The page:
Bab May, owner and stylist of highly rated Bab & Company Hairdesigners of Carmel, Ind., says gray hair can be drier, more coarse and may appear duller than other hair colors. “Luckily, there's an entire category of shampoos, conditioners and glazes designed to enhance luster and add hydration to naturally gray and white hair. The violet-tinged formulas neutralize yellow tones; white hair can go brassy very easily.”

“Keeping it shiny and smooth is the biggest challenge, especially for women who have a lot of texture in their hair,” says Aspensen, the Montana hair stylist. “For those, I recommend products like Paul Mitchell's Super Skinny series.”

Next: Tips for hiring the right stylist.


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5 reasons to color your gray hair

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Kelli Huntley after her gray was colored at highly rated Bab & Company in Carmel, Ind. (Photo by Katie Jacewicz)
Kelli Huntley after her gray was colored at highly rated Bab & Company in Carmel, Ind. (Photo by Katie Jacewicz)

A poll of more than 500 Angie’s List members uncovered reasons for coloring gray hair: don’t like how it looks, too young to be gray, if I don’t I’ll face discrimination, my significant other dislikes it.

Comments

I am 29 years old. I started getting sporadic grey hairs when I was approximately 15 years old. I think I lucked out since my grandmother tells me that she was completely grey by then. I started out highlighting my hair when I was younger (and my mom paid for it). But when I got older, got married, and had babies, it seemed cheaper to just color it myself at home. I've always had a nice rich brown color and as soon as I would see that grey growing in, especially right at my hairline, I would color it. I felt like I was being overly critical of myself and didn't like how self conscious I was feeling about my pre-mature maturity. Not to mention I knew the damage I was doing to my hair. So about 2-3 months ago I had a conversation with my husband about it. He said he didn't care what I wanted to do with my hair, as long as I was happy with it. The next conversation was with the hairdresser that cuts my whole family's hair. She agreed that starting with some highlights so I wouldn't have that dramatic line of grey in my very dark brown colored hair would help me work through the transition. She said that whenever I felt it was needed I should come back and have more highlights blended in until I was comfortable with the length of new hair growth. My plan is to have it grow until the new hair length is about chin/neck level and get a new bob-style haircut. And then no more color or highlighting at all. Making the decision has been kind of liberating and has prompted me to make better decisions for myself in every facet of life. Now all I have to do is make it through this transition without relapsing ;)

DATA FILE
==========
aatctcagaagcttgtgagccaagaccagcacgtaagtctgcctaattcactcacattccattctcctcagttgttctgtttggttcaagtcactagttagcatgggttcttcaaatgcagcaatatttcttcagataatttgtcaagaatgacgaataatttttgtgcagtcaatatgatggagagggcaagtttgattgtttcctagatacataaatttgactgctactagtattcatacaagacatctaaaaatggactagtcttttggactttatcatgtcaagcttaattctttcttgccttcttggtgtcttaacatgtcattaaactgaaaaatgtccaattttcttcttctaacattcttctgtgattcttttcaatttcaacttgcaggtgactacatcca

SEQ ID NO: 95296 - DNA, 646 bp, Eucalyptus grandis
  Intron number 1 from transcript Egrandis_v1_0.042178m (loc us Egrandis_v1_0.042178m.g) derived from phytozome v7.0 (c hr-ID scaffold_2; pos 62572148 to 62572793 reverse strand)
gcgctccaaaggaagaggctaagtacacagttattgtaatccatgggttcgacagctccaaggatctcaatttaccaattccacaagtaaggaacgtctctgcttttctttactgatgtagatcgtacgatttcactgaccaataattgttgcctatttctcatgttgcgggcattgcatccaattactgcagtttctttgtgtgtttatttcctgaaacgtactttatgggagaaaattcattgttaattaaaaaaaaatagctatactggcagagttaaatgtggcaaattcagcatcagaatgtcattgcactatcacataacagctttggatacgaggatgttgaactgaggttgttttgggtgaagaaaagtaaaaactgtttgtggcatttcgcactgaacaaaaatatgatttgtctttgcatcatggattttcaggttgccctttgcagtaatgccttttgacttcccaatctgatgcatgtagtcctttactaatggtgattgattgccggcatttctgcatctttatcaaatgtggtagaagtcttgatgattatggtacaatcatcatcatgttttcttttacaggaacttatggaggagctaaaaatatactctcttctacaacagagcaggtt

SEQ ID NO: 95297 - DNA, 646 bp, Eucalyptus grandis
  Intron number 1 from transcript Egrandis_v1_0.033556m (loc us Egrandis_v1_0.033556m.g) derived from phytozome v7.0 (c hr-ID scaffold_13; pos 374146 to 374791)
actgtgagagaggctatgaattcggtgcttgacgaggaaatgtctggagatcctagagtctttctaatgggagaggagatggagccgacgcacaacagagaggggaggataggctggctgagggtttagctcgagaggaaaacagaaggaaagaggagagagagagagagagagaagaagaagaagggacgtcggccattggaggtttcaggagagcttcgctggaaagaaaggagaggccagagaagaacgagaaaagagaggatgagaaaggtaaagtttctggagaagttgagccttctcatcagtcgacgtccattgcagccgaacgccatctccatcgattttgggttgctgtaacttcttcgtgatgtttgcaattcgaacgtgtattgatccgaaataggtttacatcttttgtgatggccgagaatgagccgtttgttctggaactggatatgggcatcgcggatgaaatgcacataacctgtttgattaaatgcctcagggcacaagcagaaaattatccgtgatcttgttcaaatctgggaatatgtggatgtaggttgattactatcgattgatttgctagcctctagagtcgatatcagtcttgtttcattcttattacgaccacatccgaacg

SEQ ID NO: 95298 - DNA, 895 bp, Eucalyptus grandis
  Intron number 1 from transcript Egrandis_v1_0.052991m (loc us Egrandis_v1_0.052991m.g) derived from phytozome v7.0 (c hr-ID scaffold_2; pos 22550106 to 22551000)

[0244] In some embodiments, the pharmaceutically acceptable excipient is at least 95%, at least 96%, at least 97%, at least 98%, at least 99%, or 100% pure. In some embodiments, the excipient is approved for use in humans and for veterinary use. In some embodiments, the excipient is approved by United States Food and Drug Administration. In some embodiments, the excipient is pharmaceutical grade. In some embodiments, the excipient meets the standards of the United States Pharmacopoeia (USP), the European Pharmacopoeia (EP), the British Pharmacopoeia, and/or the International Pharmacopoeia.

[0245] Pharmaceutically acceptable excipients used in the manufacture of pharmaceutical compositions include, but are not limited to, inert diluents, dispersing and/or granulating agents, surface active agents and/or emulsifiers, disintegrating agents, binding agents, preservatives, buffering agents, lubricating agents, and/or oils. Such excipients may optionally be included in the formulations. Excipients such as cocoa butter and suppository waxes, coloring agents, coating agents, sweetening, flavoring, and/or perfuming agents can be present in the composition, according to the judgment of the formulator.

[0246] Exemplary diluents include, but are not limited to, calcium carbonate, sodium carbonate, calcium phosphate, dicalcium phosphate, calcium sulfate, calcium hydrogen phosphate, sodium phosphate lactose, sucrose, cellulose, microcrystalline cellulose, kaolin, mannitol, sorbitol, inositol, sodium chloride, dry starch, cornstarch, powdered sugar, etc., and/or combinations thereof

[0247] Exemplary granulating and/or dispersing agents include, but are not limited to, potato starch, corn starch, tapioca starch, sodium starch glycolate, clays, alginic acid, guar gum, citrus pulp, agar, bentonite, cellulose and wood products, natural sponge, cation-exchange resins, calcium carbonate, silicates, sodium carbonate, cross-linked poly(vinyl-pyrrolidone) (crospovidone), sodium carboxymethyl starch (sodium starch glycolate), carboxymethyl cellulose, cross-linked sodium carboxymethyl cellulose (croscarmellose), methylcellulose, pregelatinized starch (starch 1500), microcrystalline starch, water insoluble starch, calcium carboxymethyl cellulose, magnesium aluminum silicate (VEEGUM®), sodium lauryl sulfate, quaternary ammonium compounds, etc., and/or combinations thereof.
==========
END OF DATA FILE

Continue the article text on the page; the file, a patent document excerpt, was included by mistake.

When I was in my early twenties ( after second of four kids ) i delivered, along with her, two white stripes at my temples. Quite a surprise since my natural hair color was dark brown like my mothers. My dad was the one who started graying with these same famous " highlights" . Given that my friends were paying good money for what i woke up to , I enjoyed them. That is until they started spreading from one side to the other. My husband, who has always loved long grey/white hair ( his grandma's hung to her buns when not wrapped up ) encouraged me to "let it go" cultural pun intended. lol. I told him there where several things I had inherited besides this early tendency toward snow white ( emphasis on white ) . A receding hair line for one .While I was willing at my age to except a new hairline or white hair; this dynamic duo was not my idea of dynamic and there for, not an option! So began my breaking rule #1 of the hairdressers code; never do your own hair. As life got more complicated, duh, two more kids, etc., i had a choice... drugs or chemicals. ha ha! I had one close call with insanity,( I hear you, " What? Only one!? ), After finding a new product under the label of 'color removal' , I decided to jump of the proverbial bridge. You know, the one my friends were to afraid to jump off. ;-). By now time was at a premium, eye sight starting to fail. suffice is to say , I took the label at its word within the context of my own desire to not have," color hair" on my to do list. i proceeded without caution but with every intent of embracing my natural color at the end of this expedition.Instead I remembered the importance of the small print. when what was revealed from under my head towel was a vision of Lucile Ball. I'll never forget the look on the mail man's face when , having forgotten what my hair looked like as i could not get in to see and old friend still practicing the art of hair color, I answered the door to sign for something! ;-0 I gave in and gave up. i went back to doing chemicals and factored the time in as "my time". Hey, at least i was saving money for soccer camps, music lessons, pet food, vet bills, future braces, and BBQ steaks ( which it seems my Hubby prefers more than white hair! ) Now ,as my last child is leaving the nest ( no helpers left), I have matured in so many ways. I still don't have the time, don't care what others think, still have demands on resources, i am ready to give up this chemical ritual.They say that it's the long term memories we have total recall of but for the white hair of me, i could not come up with a plan to implement toward my goal of going Oh'natural. ( I'd like to come face to face with 'they" before this life is over). Then I remembered," Hey, what about that thing called 'the internet'?! So here I am , having found enough information and encouragement to risk it all ( all things brown that is. lol ). Thank yo for all of your stories of your travels from one color to the one you were made for. ;-) Hmmm? I wonder how many shades i could have concocted in the time it took me to write this? No , no, no. I will not go back! ;-)